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Some examples from Robert Carr, with World Harvest Mission in Kenya, on how words carry different meaning in different languages and cultures. These examples are an outgrowth of his learning to communicate the gospel in Kenya.
One of the points focuses on the Justice of God and how he must judge us for our sin. To illustrate this, I ask them what they would do if someone came on three different occasions and stole from them and each time the judge let the thief off. I then ask, was this a good judge or bad judge? Most of the Christians (including the pastors) have been telling me that he would be a good judge! I sometimes think they automatically put themselves in the place of the thief, rather than the victim. Then when I ask them again, "what would you say if you were the one who received no justice? Then they are a little unsure.
When I asked my language helper about this, he showed me how to say "just judge" because "good judge" seems to connote the idea of "merciful".
These Biblical concepts of sin, judgment, and forgiveness are rather fuzzy here in East Africa. A word for "sin" can be the same word for "mistake". A "good" judge may be a lenient one. "Forgiveness" is often equated with being "excused". For example, we once had to fire an employee in Uganda for stealing. When she asked us to forgive her, she was shocked and angry when we said that we could forgive her but still had to fire her because trust was broken. If one is "forgiven" they may be "excused", thus avoiding the need for repentance or restitution. There does not seem to be different words for forgive or excuse.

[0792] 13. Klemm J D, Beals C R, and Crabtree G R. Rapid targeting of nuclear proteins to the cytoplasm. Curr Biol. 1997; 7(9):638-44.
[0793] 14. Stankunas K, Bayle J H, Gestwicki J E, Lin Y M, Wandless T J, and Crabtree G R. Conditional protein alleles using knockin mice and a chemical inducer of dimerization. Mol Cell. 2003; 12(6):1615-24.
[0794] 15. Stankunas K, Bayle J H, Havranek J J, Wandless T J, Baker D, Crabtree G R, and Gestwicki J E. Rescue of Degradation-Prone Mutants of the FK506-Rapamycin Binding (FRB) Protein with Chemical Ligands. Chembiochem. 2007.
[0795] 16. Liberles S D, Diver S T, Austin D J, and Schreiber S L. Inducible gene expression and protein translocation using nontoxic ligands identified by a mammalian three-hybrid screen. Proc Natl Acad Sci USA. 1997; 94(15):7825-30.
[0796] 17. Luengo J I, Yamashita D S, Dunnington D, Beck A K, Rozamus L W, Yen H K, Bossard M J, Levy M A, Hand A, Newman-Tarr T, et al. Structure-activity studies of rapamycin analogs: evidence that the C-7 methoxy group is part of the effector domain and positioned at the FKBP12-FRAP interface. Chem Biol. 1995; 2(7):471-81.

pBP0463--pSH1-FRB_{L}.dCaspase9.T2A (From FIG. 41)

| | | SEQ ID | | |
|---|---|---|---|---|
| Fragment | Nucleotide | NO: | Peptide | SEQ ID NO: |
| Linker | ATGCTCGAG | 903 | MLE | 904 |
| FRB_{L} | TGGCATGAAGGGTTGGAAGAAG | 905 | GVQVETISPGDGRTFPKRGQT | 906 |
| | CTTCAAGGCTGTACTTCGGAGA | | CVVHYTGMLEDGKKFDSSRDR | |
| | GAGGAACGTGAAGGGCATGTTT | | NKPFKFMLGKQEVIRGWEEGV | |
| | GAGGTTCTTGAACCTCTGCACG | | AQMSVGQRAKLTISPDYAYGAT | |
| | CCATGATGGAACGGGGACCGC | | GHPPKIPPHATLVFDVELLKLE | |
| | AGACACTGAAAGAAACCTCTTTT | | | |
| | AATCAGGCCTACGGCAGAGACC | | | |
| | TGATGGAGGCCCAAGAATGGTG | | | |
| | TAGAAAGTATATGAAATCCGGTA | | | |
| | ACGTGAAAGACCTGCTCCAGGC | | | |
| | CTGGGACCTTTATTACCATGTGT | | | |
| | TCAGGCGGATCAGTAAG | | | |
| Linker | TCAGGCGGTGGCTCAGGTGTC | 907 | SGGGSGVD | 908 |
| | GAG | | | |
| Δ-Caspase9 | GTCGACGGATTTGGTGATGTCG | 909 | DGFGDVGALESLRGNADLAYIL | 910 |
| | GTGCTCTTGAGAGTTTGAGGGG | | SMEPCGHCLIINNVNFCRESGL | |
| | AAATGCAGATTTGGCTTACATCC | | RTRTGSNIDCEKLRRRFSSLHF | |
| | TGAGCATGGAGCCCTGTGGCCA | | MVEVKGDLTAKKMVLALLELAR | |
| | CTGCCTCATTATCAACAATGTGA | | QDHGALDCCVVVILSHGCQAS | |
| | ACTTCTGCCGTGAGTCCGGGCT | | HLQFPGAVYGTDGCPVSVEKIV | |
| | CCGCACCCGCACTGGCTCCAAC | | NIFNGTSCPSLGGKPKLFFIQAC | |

Clear communication of these ideas is critical if our audience is to understand the grace of God. Why was Jesus crucified? How can one appreciate the substitutionary atonement of Christ without understanding God's justice in judging our sin? At the cross the judgment of God was fully met. "God made him who knew no sin, to become sin on our behalf, in order that we might become the righteousness of God in him. (2 Corinthians 5:21, see also Romans 3:5-6).
The next time I preached this message, I was pleased to see a difference in their response. There was an outcry for justice on behalf of the victimized party - success!